Thursday, April 30, 2009

Good Food, Good Wine, Good Friends

Last night after Jazz, the posse came over to celebrate Rena's birthday. It's on Friday. We had fajitas, veggies, fruit, cake and wine. Lots of wine.

Fajitas are great for stuff like that. You can do all your prep ahead of time for the most part. We had shrimp (Harris Teeter had bags of frozen, cleaned shrimp for $5.99--12 oz per bag) and beef. Lately I have been buying skirt steak, which is tough and kind of cheap, and putting it in my small crockpot with some onions, garlic and a little beef stock. I cook it on high all afternoon and then slice it and saute it a bit to get some caramelization going. It's a great weeknight meal because it's quick and easy. The shrimp I just tossed in butter and Old Bay in the skillet until done. Some cilantro from my herb pots and a squeeze of lemon was all that was needed for the shrimp ones. For the beef fajitas I had tzatziki to put on there, or sauteed peppers and onions. It was a nice meal.

We sat out on the patio and talked and laughed for a couple of hours. The weather has been perfect for that kind of thing.

Off to work!

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Saturday, April 25, 2009

Can You Stand Another Commentary on Sanford and The Money?

My dad asked me a question about Sanford today that prompted me to come up with this explanation (as I understand it) of the "Sanford and the Stimulus Money" soap opera. Now here are the disclaimers. Dad said he thinks it's interesting that Sanford would reject "any" stimulus money but is willing to ask for Federal Disaster Funds for the Myrtle Beach fire. It's not actually true that South Carolina is rejecting "any" stimulus money. SC is getting something like $8 Billion. The question is about something like 5% of the total amount we are getting. And stimulus money is not the same as Federal Disaster Relief. Different buckets of money.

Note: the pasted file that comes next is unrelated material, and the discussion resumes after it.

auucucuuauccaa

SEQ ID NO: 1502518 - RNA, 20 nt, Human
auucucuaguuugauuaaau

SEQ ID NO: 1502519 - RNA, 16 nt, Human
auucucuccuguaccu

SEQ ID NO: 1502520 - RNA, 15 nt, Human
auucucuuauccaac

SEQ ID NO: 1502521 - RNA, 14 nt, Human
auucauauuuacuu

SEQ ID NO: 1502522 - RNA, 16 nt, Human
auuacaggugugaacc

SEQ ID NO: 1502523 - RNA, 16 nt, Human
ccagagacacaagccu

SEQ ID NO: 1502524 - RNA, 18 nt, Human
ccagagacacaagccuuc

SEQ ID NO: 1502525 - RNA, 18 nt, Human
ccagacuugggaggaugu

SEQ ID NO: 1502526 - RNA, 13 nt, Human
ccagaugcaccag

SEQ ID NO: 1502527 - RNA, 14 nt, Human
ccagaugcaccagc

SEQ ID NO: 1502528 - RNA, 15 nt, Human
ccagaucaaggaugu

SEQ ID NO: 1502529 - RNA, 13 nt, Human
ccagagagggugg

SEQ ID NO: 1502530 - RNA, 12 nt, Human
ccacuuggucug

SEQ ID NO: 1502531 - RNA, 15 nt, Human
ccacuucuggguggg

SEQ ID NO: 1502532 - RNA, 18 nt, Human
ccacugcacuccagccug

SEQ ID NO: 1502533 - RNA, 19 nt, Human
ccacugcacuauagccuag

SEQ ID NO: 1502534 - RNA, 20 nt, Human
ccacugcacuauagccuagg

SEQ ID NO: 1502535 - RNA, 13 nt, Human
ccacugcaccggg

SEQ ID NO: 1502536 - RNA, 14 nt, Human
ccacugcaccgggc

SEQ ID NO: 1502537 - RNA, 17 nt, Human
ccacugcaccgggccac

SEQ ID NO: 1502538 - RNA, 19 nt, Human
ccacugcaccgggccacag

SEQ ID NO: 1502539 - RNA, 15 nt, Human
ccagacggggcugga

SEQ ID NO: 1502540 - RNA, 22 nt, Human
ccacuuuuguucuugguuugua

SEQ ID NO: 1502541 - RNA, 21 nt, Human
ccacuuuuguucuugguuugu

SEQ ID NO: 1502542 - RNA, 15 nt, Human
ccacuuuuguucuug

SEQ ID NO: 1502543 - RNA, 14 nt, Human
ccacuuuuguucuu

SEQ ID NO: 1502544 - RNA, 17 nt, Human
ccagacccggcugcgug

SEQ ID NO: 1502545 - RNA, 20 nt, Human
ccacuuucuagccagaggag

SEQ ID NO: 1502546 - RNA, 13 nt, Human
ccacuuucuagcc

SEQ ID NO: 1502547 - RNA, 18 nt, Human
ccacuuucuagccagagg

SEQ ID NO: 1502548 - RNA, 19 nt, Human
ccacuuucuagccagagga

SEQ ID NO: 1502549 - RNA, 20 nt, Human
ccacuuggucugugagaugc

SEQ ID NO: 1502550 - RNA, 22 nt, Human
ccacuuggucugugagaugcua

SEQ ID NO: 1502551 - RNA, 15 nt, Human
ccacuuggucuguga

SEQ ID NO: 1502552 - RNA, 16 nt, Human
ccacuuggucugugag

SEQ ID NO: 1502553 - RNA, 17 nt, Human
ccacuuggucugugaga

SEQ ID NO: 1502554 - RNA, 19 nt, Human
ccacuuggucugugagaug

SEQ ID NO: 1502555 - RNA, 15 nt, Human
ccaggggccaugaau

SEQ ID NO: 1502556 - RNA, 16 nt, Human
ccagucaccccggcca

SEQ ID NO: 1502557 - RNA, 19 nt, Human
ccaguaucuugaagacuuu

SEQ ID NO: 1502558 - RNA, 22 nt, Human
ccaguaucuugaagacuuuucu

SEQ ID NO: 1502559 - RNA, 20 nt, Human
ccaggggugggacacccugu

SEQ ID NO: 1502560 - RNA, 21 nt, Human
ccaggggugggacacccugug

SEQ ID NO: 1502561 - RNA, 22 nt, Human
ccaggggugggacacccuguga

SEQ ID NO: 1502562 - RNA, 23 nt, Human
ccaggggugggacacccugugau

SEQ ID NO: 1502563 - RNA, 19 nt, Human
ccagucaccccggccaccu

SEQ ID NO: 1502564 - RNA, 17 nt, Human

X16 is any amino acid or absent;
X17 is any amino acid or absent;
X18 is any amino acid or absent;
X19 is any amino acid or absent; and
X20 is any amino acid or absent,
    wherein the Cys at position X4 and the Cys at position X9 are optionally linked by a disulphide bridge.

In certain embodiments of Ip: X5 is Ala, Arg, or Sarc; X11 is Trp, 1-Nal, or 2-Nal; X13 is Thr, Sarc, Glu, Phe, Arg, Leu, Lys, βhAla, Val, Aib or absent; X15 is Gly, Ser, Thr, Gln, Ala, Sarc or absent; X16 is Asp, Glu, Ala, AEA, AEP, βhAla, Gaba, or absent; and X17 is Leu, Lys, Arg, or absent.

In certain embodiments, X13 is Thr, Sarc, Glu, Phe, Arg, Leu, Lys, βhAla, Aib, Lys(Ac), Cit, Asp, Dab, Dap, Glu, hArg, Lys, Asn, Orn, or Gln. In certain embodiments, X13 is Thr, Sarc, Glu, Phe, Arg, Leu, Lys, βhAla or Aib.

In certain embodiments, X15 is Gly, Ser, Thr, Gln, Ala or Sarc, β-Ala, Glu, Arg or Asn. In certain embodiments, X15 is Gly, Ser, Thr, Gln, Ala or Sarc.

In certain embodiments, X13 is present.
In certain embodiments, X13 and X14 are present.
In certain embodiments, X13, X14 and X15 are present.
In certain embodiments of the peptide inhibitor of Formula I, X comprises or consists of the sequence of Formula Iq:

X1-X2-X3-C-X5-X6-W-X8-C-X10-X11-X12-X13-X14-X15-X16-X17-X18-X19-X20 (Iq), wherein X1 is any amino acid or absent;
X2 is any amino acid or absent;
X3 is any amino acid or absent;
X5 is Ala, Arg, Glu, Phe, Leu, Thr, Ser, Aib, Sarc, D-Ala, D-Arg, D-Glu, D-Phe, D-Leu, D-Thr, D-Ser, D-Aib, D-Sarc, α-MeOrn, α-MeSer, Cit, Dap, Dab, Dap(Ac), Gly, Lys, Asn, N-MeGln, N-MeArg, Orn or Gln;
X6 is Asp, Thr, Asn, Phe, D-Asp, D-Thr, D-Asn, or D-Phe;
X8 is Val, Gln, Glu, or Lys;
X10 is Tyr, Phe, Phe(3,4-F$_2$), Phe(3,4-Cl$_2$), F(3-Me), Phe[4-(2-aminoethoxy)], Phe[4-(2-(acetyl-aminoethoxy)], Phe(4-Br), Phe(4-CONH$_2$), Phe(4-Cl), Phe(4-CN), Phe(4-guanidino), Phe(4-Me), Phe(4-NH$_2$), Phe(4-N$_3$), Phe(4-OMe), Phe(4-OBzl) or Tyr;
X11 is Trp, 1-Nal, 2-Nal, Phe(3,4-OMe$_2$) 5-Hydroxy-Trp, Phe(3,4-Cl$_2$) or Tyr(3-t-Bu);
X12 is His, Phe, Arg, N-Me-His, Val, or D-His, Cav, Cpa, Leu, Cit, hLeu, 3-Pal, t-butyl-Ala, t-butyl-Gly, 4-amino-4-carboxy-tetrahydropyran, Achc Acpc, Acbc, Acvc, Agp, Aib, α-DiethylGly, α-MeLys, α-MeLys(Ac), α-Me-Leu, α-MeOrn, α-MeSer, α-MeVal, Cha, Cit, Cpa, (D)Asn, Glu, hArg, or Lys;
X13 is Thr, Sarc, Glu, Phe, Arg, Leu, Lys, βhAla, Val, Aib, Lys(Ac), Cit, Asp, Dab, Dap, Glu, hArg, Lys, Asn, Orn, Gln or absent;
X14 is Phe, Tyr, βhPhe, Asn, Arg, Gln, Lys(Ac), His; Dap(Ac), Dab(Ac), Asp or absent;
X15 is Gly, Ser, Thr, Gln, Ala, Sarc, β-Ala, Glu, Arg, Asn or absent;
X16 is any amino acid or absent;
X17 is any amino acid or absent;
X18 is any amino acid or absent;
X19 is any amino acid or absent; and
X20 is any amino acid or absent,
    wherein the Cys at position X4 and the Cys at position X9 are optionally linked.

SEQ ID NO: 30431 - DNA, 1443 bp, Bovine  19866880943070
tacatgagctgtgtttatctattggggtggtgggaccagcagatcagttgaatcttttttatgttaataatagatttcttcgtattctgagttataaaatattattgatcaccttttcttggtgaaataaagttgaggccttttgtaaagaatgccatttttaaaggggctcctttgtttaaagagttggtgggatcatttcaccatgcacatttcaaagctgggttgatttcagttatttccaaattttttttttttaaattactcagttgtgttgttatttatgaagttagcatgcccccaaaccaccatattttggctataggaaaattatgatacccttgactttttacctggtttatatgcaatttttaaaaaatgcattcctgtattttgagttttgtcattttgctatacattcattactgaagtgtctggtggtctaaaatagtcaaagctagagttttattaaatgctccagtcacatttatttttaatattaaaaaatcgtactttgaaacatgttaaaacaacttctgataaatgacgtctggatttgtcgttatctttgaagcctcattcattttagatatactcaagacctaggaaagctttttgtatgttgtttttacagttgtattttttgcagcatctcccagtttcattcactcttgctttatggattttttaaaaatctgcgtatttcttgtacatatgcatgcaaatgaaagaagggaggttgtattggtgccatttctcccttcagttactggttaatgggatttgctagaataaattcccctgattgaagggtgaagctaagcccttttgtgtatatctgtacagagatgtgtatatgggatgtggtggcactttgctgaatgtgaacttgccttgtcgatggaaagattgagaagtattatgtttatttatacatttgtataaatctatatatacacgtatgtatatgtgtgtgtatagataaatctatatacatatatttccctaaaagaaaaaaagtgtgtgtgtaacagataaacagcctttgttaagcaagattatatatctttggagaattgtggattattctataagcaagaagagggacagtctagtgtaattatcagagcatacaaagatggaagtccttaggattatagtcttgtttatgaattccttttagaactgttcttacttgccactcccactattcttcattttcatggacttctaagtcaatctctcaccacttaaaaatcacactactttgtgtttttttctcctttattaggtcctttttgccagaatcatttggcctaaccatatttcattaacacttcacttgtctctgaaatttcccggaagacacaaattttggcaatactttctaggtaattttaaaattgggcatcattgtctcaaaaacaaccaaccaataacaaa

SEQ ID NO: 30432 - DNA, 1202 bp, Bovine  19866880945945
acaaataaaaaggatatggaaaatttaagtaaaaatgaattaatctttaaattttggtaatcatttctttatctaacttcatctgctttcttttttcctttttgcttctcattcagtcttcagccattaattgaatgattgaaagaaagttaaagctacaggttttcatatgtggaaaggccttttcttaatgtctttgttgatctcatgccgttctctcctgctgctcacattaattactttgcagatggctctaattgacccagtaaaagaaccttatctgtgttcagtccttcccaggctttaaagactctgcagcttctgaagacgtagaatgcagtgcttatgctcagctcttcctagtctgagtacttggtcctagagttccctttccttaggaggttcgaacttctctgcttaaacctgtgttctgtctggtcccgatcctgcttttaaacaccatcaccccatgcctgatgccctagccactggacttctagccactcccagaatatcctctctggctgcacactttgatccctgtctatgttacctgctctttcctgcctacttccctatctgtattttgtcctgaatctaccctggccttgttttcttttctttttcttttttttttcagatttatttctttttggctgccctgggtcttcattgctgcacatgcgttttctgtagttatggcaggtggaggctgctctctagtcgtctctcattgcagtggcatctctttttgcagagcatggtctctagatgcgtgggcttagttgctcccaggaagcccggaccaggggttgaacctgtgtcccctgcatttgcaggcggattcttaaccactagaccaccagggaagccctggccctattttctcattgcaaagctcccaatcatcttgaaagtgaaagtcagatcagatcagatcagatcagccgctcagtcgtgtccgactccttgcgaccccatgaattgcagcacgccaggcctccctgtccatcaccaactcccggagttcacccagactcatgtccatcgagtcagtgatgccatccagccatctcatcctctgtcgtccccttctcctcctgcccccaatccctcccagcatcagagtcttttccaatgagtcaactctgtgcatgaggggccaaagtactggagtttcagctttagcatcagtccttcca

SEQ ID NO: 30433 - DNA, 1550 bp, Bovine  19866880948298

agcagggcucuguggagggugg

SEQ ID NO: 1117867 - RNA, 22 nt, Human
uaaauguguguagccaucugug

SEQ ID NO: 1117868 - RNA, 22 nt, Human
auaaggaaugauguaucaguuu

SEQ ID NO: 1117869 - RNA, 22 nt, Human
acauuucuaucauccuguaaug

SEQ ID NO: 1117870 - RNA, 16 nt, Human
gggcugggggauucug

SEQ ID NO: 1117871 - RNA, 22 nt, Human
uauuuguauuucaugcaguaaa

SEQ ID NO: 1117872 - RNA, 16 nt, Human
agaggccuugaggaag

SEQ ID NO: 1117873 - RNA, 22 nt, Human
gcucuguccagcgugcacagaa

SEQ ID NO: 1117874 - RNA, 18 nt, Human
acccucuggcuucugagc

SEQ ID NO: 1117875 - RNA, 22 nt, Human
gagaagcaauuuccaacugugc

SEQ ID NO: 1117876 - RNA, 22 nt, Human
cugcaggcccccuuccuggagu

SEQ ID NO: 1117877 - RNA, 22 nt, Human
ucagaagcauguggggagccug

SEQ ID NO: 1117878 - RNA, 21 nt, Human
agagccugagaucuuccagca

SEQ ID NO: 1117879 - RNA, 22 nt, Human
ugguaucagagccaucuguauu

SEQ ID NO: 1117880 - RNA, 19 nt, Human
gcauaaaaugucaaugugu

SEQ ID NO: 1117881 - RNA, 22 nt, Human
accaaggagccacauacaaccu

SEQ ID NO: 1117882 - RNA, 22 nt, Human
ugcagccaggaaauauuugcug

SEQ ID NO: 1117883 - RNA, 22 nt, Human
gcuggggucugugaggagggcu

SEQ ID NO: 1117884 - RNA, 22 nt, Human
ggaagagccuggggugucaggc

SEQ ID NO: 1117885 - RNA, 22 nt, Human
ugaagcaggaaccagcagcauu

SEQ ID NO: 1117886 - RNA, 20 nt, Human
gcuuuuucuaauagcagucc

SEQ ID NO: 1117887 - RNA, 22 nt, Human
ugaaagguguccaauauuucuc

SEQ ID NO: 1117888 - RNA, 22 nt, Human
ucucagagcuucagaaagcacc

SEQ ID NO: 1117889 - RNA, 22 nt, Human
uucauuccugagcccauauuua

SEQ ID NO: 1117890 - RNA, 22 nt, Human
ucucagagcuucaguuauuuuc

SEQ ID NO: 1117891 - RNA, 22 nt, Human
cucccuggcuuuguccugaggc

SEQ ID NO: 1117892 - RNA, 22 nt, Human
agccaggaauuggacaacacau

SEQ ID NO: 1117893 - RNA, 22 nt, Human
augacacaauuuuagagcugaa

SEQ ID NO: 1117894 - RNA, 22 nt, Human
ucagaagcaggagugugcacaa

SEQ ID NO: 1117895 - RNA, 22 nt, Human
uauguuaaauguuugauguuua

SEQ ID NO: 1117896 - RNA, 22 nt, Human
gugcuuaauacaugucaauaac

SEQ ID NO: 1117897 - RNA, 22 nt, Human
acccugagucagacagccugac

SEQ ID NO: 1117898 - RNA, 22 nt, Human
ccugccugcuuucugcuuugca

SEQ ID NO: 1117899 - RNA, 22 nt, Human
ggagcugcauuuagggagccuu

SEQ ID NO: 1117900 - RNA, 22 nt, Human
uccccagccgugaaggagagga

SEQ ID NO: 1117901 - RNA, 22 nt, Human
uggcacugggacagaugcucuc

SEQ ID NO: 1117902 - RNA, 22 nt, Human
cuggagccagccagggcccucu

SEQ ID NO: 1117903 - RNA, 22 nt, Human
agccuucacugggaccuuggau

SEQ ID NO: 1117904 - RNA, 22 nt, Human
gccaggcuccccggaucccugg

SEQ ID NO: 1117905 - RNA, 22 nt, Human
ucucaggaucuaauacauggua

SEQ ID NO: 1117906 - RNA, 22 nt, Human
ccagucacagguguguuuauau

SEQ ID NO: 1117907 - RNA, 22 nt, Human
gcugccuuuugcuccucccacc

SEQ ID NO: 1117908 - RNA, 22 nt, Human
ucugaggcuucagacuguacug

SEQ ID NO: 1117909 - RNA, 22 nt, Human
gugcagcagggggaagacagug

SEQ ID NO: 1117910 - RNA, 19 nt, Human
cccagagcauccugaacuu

And finally? This is only MY WAY OF UNDERSTANDING the $500M issue. I completely believe I could be wrong on this. Actually, sometimes I think I MUST be wrong. Because my understanding, illustrated below, makes it seem like such a stupid thing, that I can't imagine I'm right and that this is really what it's all about. But? I've lived long enough to hear bigger arguments about stupid-er stuff. So here goes. For your entertainment:

The stimulus money is going to cost us more in the long run if we take it. Taking the $500Million that he is talking about has strings attached that will mean starting new programs for which that stimulus money is intended by the Feds. I liken it to this: You have a house. In that house you have a washer, stove and refrigerator. You dry your clothes outside on the line. The refrigerator is on its’ last legs. You need a new one. But you are still making payments on the washer and stove. You are just limping along, keeping your beer and brats in your neighbor’s fridge until you can get those last few payments on the washer and stove. Once you get those paid off, you’ll buy a new fridge with the money you’ve freed up in your budget by not having to make those payments.